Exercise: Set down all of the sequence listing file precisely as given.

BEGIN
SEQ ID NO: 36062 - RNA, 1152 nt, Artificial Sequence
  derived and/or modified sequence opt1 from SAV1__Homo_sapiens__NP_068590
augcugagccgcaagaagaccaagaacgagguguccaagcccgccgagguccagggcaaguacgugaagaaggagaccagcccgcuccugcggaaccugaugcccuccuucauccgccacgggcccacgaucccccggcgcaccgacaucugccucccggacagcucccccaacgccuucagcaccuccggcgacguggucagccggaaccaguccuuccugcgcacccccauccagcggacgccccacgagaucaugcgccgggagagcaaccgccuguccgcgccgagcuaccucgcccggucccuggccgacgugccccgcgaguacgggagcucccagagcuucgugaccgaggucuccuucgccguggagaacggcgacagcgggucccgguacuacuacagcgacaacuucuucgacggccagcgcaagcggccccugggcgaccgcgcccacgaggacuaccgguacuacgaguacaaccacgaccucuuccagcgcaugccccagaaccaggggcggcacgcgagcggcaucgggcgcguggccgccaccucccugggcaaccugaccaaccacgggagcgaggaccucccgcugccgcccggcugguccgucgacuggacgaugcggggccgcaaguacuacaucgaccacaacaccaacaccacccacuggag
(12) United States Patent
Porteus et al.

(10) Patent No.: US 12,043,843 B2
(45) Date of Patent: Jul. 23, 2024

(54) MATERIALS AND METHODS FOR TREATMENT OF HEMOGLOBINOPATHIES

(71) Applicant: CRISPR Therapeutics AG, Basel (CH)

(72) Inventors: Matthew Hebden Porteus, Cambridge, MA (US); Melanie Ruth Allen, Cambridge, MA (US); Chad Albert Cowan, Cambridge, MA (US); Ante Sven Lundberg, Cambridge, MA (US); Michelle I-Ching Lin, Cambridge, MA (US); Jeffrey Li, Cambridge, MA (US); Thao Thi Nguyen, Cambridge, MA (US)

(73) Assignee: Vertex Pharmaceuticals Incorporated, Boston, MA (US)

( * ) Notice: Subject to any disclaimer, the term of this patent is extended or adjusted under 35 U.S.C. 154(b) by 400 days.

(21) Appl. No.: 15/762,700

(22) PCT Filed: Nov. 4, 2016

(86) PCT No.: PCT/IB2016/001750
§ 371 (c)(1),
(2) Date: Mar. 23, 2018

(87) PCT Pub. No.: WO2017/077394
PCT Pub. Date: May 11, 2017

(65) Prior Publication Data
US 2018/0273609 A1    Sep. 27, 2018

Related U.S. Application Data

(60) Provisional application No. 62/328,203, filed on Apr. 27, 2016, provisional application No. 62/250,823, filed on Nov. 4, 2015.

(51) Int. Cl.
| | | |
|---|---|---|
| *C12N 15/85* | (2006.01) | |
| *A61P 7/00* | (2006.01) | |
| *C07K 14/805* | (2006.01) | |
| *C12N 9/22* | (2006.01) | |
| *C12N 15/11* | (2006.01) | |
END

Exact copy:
SEQ ID NO: 36062 - RNA, 1152 nt, Artificial Sequence
  derived and/or modified sequence opt1 from SAV1__Homo_sapiens__NP_068590
augcugagccgcaagaagaccaagaacgagguguccaagcccgccgagguccagggcaaguacgugaagaaggagaccagcccgcuccugcggaaccugaugcccuccuucauccgccacgggcccacgaucccccggcgcaccgacaucugccucccggacagcucccccaacgccuucagcaccuccggcgacguggucagccggaaccaguccuuccugcgcacccccauccagcggacgccccacgagaucaugcgccgggagagcaaccgccuguccgcgccgagcuaccucgcccggucccuggccgacgugccccgcgaguacgggagcucccagagcuucgugaccgaggucuccuucgccguggagaacggcgacagcgggucccgguacuacuacagcgacaacuucuucgacggccagcgcaagcggccccugggcgaccgcgcccacgaggacuaccgguacuacgaguacaaccacgaccucuuccagcgcaugccccagaaccaggggcggcacgcgagcggcaucgggcgcguggccgccaccucccugggcaaccugaccaaccacgggagcgaggaccucccgcugccgcccggcugguccgucgacuggacgaugcggggccgcaaguacuacaucgaccacaacaccaacaccacccacuggag
(12) United States Patent
Porteus et al.

(10) Patent No.: US 12,043,843 B2
(45) Date of Patent: Jul. 23, 2024

(54) MATERIALS AND METHODS FOR TREATMENT OF HEMOGLOBINOPATHIES

(71) Applicant: CRISPR Therapeutics AG, Basel (CH)

(72) Inventors: Matthew Hebden Porteus, Cambridge, MA (US); Melanie Ruth Allen, Cambridge, MA (US); Chad Albert Cowan, Cambridge, MA (US); Ante Sven Lundberg, Cambridge, MA (US); Michelle I-Ching Lin, Cambridge, MA (US); Jeffrey Li, Cambridge, MA (US); Thao Thi Nguyen, Cambridge, MA (US)

(73) Assignee: Vertex Pharmaceuticals Incorporated, Boston, MA (US)

( * ) Notice: Subject to any disclaimer, the term of this patent is extended or adjusted under 35 U.S.C. 154(b) by 400 days.

(21) Appl. No.: 15/762,700

(22) PCT Filed: Nov. 4, 2016

(86) PCT No.: PCT/IB2016/001750
§ 371 (c)(1),
(2) Date: Mar. 23, 2018

(87) PCT Pub. No.: WO2017/077394
PCT Pub. Date: May 11, 2017

(65) Prior Publication Data
US 2018/0273609 A1    Sep. 27, 2018

Related U.S. Application Data

(60) Provisional application No. 62/328,203, filed on Apr. 27, 2016, provisional application No. 62/250,823, filed on Nov. 4, 2015.

(51) Int. Cl.
| | | |
|---|---|---|
| *C12N 15/85* | (2006.01) | |
| *A61P 7/00* | (2006.01) | |
| *C07K 14/805* | (2006.01) | |
| *C12N 9/22* | (2006.01) | |
| *C12N 15/11* | (2006.01) | |